The issue in Vine Street LLC v. Borg Warner Corp. was whether the defendant — a seller of dry cleaning equipment and supplies — intentionally discharged “PERC” (an unpleasant chemical widely used in dry cleaning) into the ground. No. 07-40440 (Jan. 14, 2015). While most of the opinion addresses technical matters about CERCLA , the discussion about the evidence of intent is of general interest. In particular, the Court noted testimony that the defendant’s employees handled PERC with care and did not intentionally spill it, and evidence that the defendant’s intent was to “sell useful chemicals to distributors and not to dispose of them” — in other words, “there is no evidence to suggest that [Defendant] engaged in subterfuge to disguise the disposal of PERC as a legitimate transaction surrounding the operation of a dry cleaning business.”
The case of AAA Bonding Agency v. United States Dep’t of Homeland Security involved the seldom-seen world of “immigration bonds” — a type of surety bond that allows release of an alien from custody while deportation proceedings are ongoing. No. 14-20057 (Jan. 12, 2015, unpublished). The Fifth Circuit has previously held that “DHS may only enforce an immigration bond against a surety company or bonding agent that has received notice demanding delivery of the alien covered by the bond.” This case involved 23 bonds where (1) AAA, the bonding agency, was liable on the bond with Surety National, an insurance company, (2) only AAA had received notice from DHS, and (3) Surety National had settled with DHS, and as part of the settlement, agreed that AAA would not be liable to DHS on these bonds if a court held that AAA’s obligation was joint and several with Surety National’s. The Court concluded that its prior holding did not alter the joint and several liability of AAA and Surety National as set forth in the language of the bonds, and ruled for AAA.
Plaintiffs — breeders of quarter horses using cloning technology — sued the American Quarter Horse Association, alleging that its bar on the registry of cloned horses was anticompetitive and violated Sections 1 and 2 of the Sherman Act. Abraham & Veneklasen Joint Venture v. American Quarter Horse Association, No. 13-11043 (Jan. 14, 2015). The district court agreed and entered an injunction; the Fifth Circuit reversed.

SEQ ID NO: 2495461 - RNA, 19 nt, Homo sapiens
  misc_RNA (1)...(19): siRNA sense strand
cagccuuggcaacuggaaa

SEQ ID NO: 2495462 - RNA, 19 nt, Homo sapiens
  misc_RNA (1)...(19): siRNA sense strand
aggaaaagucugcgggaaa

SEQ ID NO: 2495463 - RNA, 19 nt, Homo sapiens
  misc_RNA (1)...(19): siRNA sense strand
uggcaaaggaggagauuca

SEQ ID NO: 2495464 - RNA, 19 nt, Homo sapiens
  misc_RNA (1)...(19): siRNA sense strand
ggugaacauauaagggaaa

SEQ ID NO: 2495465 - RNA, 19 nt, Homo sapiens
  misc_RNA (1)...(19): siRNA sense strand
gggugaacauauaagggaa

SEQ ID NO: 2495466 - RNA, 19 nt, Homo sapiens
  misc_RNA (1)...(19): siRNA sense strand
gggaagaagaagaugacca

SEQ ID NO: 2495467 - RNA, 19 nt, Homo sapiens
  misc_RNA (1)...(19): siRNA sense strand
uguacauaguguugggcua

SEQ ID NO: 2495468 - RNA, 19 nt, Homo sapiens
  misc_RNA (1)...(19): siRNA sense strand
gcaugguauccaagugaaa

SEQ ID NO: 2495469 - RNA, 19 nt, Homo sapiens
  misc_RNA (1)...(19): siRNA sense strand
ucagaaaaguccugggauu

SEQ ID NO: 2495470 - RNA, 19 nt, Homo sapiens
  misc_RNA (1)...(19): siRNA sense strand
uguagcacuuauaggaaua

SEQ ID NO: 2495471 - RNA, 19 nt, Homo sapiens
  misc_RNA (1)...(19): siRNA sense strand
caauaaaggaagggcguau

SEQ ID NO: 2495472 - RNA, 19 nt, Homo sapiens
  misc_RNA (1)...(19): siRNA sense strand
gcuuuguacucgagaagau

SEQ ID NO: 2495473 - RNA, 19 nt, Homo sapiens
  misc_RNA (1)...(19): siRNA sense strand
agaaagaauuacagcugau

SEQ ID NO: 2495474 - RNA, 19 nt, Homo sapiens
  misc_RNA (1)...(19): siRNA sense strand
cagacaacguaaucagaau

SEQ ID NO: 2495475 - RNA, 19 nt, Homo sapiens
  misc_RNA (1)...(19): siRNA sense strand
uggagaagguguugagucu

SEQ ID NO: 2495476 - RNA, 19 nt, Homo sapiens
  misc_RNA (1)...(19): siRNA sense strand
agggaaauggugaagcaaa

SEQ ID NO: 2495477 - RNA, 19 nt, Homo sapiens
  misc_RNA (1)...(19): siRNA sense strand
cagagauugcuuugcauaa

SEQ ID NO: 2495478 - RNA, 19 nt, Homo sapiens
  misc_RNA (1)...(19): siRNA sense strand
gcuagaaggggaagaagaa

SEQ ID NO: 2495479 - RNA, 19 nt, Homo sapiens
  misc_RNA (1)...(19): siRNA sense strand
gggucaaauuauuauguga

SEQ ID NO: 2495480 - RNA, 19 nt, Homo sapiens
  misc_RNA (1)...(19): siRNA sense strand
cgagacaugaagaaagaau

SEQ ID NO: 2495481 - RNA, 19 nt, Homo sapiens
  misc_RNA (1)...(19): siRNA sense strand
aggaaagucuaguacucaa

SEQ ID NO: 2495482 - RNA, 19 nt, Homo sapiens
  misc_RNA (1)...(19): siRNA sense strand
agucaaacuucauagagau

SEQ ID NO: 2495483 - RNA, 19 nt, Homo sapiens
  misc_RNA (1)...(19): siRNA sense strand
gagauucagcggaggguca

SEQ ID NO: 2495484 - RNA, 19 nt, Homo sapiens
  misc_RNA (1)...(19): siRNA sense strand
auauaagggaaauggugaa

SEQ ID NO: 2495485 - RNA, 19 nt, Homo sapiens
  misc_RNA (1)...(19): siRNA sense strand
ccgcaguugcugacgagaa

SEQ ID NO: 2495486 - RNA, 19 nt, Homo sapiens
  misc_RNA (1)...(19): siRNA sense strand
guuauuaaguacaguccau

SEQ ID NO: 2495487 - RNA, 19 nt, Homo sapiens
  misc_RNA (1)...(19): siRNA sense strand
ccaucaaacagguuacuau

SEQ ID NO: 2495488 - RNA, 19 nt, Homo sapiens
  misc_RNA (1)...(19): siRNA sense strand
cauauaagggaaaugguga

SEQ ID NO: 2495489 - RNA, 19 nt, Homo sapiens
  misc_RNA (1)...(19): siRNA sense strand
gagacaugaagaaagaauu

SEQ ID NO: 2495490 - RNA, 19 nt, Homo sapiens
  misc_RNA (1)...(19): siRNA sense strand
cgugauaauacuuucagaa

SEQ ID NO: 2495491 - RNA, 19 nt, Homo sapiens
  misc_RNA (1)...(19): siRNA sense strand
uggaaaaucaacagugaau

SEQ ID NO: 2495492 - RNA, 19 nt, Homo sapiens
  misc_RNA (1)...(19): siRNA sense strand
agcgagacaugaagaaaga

With respect to the Section 1 (conspiracy) claim, the Court expressed skepticism about whether the Association’s management could legally conspire with the Association, noting (without deciding): “American Needle‘s rejection of ‘single entity’ status for organizations with ‘separate economic actors’ [such as the NFL as to licensing] does not fit comfortably with the facts before us. AQHA is more than a sports league, it is not a trade association, and its quarter million members are involved in ranching, horse trading, pleasure riding and many other activities besides the ‘elite Quarter Horse’ market.” The Court then held that Plaintiffs had not shown a conspiracy, finding that their evidence about powerful members of the Association speaking out against cloning did not prove an actual agreement: “[T]he antitrust laws are not intended as a device to review the details of parliamentary procedure.” (citation omitted)
As to the Section 2 claim, the Court observed: “AQHA is a member organization; it is not engaged in breeding, racing, selling or showing elite Quarter Horses.” Thus, because “nothing in the record . . . shows that AQHA competes in the elite Quarter Horse Market,” no claim about its alleged monopolization of that market was cognizable. The Court distinguished other cases in which a trade association actually became a market participant and competitor.
Waste Management sued Kattler, a former employee, for misappropriating confidential information and other related claims. A dispute about what information Kattler had in is possession expanded to include a contempt finding against Kattler’s attorney, Moore. Waste Management v. Kattler, No. 13-20356 (Jan. 15, 2015). The Fifth Circuit reversed, reasoning as follows:
1. The order setting a hearing referenced a motion, by Pacer docket number, that only sought relief against Kattler and not the attorney. It was not an adequate “show-cause order naming [both] Moore and Kattler as alleged contemnors[.]”
2. On the merits, the Court found that Kattler had misled Moore as to the existence of a particular “San Disk thumb drive,” that Moore had acted prudently in consulting ethics counsel and withdrawing after he learned of the untruthfulness, and that new counsel made a prompt disclosure about the drive that avoided unfair prejudice. This part of the opinion reviews Circuit authority about the failure to correct incorrect court filings.
3. Also on the merits, “while Moore clearly failed to comply with the terms of the December 20 preliminary injunction by not producing the iPad image directly to [Waste Management] by December 22, this failure is excusable because the order required Moore to violate the attorney-client privilege.” Further, the relevant order only “required Kattler to produce an image of the device only, not the device itself,” which created a “degree of confusion” that excused the decision not to produce the actual iPad.